It’s something we’ve mostly forgotten by now. But under apartheid, a black woman was often not considered an adult. Under the law at the time, she couldn’t sign a legal document. In some cases, that meant she wouldn’t be legally competent to sign any parental forms for her children. And in some awful cases, that happened more than we now remember, she would need a “guardian” to sign on her behalf. This often resulted in her male children signing for her.

Can you imagine what that must have been like? The powerlessness, the helplessness at not being able to actually do anything that mattered. Of having to beg some oafish official to accept a child’s signature.

And then can you think about finally getting past that. Of being able to know that your daughters will not suffer the same fate, because of the blood, sweat, toil and tears of you and your comrades. Of the feelings that must resonate in your chest at knowing those days are gone for good. And joy of joys, you’ve actually been a part of it, you have helped to make this achievement come about. And you are now able to be a party to transforming the country as well, to play an active role in government.

And then, suddenly, while representing this transformed space that is South Africa, BANG, you’re back in 1979. Suddenly – you feel – there’s a person treating you like you’re less than human.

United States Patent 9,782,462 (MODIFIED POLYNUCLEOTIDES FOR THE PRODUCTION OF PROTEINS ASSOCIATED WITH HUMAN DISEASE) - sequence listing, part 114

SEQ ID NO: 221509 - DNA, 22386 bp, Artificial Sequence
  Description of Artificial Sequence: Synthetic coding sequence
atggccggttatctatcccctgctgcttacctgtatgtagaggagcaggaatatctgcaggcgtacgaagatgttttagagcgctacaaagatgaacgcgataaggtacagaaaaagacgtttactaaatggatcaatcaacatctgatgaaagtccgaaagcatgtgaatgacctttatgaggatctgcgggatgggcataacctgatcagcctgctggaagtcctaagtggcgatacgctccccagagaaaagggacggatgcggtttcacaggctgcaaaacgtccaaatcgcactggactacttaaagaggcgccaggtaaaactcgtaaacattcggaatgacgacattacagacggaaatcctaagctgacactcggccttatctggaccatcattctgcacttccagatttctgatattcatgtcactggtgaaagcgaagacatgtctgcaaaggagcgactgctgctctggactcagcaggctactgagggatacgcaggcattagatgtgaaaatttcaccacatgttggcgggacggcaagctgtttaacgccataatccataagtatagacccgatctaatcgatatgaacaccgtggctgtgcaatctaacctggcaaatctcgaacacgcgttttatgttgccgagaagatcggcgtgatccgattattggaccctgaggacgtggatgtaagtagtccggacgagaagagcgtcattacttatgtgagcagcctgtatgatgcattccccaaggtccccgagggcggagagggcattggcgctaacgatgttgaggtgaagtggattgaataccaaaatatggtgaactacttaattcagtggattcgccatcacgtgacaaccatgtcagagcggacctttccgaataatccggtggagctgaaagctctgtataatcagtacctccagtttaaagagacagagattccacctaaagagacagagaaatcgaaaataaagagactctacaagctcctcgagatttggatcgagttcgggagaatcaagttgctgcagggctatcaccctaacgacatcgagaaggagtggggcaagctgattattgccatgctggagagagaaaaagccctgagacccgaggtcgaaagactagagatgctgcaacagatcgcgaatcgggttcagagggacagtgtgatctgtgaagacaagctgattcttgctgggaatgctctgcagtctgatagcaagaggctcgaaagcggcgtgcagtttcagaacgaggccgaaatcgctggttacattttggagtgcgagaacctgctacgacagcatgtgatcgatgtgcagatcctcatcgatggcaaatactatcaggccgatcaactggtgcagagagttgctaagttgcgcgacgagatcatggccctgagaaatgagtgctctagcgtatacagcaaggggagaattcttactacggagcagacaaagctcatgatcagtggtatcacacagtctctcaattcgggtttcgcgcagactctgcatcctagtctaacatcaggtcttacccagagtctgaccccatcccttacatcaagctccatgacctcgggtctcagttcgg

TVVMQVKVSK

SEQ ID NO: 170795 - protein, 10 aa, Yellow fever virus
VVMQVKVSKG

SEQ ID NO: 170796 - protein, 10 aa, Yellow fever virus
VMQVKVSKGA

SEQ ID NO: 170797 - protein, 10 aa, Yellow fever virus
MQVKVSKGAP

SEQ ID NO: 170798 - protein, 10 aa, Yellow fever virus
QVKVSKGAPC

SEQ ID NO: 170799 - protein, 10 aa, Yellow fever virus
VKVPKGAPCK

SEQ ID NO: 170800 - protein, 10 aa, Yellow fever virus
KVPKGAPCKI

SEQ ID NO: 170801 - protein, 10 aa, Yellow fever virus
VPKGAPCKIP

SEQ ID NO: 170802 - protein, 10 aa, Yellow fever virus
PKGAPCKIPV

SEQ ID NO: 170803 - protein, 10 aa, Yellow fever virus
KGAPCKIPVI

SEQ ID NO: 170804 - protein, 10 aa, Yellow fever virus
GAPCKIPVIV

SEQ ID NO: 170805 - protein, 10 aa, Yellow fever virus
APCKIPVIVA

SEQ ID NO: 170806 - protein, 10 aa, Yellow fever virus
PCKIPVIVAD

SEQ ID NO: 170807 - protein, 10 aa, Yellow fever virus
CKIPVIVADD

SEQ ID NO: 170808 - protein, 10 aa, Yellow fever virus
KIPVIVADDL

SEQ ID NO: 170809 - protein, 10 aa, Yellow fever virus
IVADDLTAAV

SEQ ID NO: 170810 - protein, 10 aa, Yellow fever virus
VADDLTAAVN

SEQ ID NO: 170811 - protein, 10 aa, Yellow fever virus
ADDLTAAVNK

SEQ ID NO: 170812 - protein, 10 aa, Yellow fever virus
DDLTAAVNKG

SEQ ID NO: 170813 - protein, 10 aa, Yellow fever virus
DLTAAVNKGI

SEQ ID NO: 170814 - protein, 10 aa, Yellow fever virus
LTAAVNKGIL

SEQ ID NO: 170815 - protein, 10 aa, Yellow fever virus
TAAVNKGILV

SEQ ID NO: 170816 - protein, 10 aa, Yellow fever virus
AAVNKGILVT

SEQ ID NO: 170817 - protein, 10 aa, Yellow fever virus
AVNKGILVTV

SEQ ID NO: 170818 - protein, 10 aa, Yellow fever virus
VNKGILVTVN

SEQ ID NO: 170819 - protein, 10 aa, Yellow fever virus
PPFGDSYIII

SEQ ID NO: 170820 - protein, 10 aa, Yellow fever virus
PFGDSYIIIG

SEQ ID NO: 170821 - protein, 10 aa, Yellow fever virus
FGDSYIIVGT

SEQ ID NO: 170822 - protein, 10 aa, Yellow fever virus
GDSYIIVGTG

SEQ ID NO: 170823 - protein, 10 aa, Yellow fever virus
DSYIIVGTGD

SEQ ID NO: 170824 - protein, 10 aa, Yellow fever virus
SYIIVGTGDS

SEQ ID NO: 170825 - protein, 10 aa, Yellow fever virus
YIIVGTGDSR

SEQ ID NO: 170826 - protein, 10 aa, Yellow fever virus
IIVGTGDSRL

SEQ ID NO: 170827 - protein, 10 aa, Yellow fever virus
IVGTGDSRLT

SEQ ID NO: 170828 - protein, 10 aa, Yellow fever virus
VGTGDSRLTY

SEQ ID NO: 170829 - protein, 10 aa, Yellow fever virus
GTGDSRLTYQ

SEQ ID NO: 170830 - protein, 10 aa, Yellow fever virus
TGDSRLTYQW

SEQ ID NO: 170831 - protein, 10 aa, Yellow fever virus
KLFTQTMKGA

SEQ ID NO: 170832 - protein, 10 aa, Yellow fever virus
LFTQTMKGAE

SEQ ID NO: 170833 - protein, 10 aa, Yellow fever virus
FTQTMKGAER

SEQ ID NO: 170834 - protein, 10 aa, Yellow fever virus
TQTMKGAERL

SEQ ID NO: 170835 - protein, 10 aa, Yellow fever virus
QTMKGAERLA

And worse. They’re not just treating you like that. They’re treating you as a representative of your country and all you’ve achieved like that.

My reaction, should I have come from that background, would be to so incandescently angry, I would actually lose the power to speak. I would be so furious I would want to leave that space immediately. And then I would want to return to pound it into the ground.

In 2001 then deputy president Jacob Zuma was searched using the same machinery his ex-wife had objected to. I understand he was not happy, and no doubt, neither were his officials. But he didn’t make the same fuss about it, for reasons I don’t know. But I can guess that while annoyed, it wouldn’t have mattered to him as much, because as a man, he had been given at least some respect during the bad old days. Not much, but some. At least he was a legal entity in his own right (and had been sent to prison on that basis).